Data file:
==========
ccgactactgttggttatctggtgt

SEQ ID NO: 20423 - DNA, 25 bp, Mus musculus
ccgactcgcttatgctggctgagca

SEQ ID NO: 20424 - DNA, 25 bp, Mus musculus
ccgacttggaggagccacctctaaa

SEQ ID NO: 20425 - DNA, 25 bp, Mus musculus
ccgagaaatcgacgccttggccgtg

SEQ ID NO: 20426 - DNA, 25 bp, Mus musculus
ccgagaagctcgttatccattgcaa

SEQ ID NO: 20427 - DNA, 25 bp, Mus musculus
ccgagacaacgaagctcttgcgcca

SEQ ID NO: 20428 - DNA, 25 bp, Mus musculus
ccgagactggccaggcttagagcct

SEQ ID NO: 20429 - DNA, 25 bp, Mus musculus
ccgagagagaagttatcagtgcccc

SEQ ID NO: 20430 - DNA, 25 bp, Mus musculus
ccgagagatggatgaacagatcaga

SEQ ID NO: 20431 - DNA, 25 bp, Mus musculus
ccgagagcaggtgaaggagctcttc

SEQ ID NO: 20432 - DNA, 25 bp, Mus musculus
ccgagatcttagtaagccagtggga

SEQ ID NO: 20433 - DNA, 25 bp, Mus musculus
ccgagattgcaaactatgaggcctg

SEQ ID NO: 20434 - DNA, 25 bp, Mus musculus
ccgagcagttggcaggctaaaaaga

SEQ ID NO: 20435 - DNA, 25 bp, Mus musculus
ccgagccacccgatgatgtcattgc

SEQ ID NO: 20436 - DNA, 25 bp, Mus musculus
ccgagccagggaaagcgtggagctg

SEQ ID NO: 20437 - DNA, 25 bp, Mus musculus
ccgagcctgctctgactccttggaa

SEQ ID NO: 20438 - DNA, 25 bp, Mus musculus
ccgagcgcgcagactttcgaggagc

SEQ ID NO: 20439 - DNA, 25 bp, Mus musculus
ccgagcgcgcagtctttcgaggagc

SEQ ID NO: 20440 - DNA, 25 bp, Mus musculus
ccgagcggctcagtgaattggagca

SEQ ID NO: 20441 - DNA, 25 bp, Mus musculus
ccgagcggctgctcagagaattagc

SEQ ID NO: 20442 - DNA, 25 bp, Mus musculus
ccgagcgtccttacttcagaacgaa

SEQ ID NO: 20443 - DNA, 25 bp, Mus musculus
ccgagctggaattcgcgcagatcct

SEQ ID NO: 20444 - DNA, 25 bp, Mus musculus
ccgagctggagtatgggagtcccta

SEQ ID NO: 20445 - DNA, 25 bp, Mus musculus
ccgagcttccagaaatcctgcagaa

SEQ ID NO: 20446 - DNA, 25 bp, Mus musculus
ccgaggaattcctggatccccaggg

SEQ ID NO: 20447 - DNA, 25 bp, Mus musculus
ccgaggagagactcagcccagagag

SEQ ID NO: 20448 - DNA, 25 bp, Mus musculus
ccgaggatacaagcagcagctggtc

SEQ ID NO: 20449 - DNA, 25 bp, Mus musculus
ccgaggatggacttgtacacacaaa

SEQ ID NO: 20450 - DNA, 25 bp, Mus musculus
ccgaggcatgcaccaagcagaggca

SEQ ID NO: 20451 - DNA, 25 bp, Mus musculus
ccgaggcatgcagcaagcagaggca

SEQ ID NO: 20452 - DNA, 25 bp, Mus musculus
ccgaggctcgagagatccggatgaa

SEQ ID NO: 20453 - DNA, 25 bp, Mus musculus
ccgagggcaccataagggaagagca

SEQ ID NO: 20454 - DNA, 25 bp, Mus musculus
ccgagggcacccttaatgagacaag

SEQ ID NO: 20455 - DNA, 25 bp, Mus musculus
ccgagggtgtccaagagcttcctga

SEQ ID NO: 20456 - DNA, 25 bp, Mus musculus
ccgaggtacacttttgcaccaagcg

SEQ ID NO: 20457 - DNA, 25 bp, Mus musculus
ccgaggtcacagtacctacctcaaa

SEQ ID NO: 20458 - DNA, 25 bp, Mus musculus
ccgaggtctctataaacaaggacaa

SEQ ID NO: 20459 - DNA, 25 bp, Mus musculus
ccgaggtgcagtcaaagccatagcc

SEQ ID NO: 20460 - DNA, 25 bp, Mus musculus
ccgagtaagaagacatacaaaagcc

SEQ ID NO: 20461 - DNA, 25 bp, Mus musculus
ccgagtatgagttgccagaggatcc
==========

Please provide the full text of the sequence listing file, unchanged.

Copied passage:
ccgactactgttggttatctggtgt

SEQ ID NO: 20423 - DNA, 25 bp, Mus musculus
ccgactcgcttatgctggctgagca

SEQ ID NO: 20424 - DNA, 25 bp, Mus musculus
ccgacttggaggagccacctctaaa

SEQ ID NO: 20425 - DNA, 25 bp, Mus musculus
ccgagaaatcgacgccttggccgtg

SEQ ID NO: 20426 - DNA, 25 bp, Mus musculus
ccgagaagctcgttatccattgcaa

SEQ ID NO: 20427 - DNA, 25 bp, Mus musculus
ccgagacaacgaagctcttgcgcca

SEQ ID NO: 20428 - DNA, 25 bp, Mus musculus
ccgagactggccaggcttagagcct

SEQ ID NO: 20429 - DNA, 25 bp, Mus musculus
ccgagagagaagttatcagtgcccc

SEQ ID NO: 20430 - DNA, 25 bp, Mus musculus
ccgagagatggatgaacagatcaga

SEQ ID NO: 20431 - DNA, 25 bp, Mus musculus
ccgagagcaggtgaaggagctcttc

SEQ ID NO: 20432 - DNA, 25 bp, Mus musculus
ccgagatcttagtaagccagtggga

SEQ ID NO: 20433 - DNA, 25 bp, Mus musculus
ccgagattgcaaactatgaggcctg

SEQ ID NO: 20434 - DNA, 25 bp, Mus musculus
ccgagcagttggcaggctaaaaaga

SEQ ID NO: 20435 - DNA, 25 bp, Mus musculus
ccgagccacccgatgatgtcattgc

SEQ ID NO: 20436 - DNA, 25 bp, Mus musculus
ccgagccagggaaagcgtggagctg

SEQ ID NO: 20437 - DNA, 25 bp, Mus musculus
ccgagcctgctctgactccttggaa

SEQ ID NO: 20438 - DNA, 25 bp, Mus musculus
ccgagcgcgcagactttcgaggagc

SEQ ID NO: 20439 - DNA, 25 bp, Mus musculus
ccgagcgcgcagtctttcgaggagc

SEQ ID NO: 20440 - DNA, 25 bp, Mus musculus
ccgagcggctcagtgaattggagca

SEQ ID NO: 20441 - DNA, 25 bp, Mus musculus
ccgagcggctgctcagagaattagc

SEQ ID NO: 20442 - DNA, 25 bp, Mus musculus
ccgagcgtccttacttcagaacgaa

SEQ ID NO: 20443 - DNA, 25 bp, Mus musculus
ccgagctggaattcgcgcagatcct

SEQ ID NO: 20444 - DNA, 25 bp, Mus musculus
ccgagctggagtatgggagtcccta

SEQ ID NO: 20445 - DNA, 25 bp, Mus musculus
ccgagcttccagaaatcctgcagaa

SEQ ID NO: 20446 - DNA, 25 bp, Mus musculus
ccgaggaattcctggatccccaggg

SEQ ID NO: 20447 - DNA, 25 bp, Mus musculus
ccgaggagagactcagcccagagag

SEQ ID NO: 20448 - DNA, 25 bp, Mus musculus
ccgaggatacaagcagcagctggtc

SEQ ID NO: 20449 - DNA, 25 bp, Mus musculus
ccgaggatggacttgtacacacaaa

SEQ ID NO: 20450 - DNA, 25 bp, Mus musculus
ccgaggcatgcaccaagcagaggca

SEQ ID NO: 20451 - DNA, 25 bp, Mus musculus
ccgaggcatgcagcaagcagaggca

SEQ ID NO: 20452 - DNA, 25 bp, Mus musculus
ccgaggctcgagagatccggatgaa

SEQ ID NO: 20453 - DNA, 25 bp, Mus musculus
ccgagggcaccataagggaagagca

SEQ ID NO: 20454 - DNA, 25 bp, Mus musculus
ccgagggcacccttaatgagacaag

SEQ ID NO: 20455 - DNA, 25 bp, Mus musculus
ccgagggtgtccaagagcttcctga

SEQ ID NO: 20456 - DNA, 25 bp, Mus musculus
ccgaggtacacttttgcaccaagcg

SEQ ID NO: 20457 - DNA, 25 bp, Mus musculus
ccgaggtcacagtacctacctcaaa

SEQ ID NO: 20458 - DNA, 25 bp, Mus musculus
ccgaggtctctataaacaaggacaa

SEQ ID NO: 20459 - DNA, 25 bp, Mus musculus
ccgaggtgcagtcaaagccatagcc

SEQ ID NO: 20460 - DNA, 25 bp, Mus musculus
ccgagtaagaagacatacaaaagcc

SEQ ID NO: 20461 - DNA, 25 bp, Mus musculus
ccgagtatgagttgccagaggatcc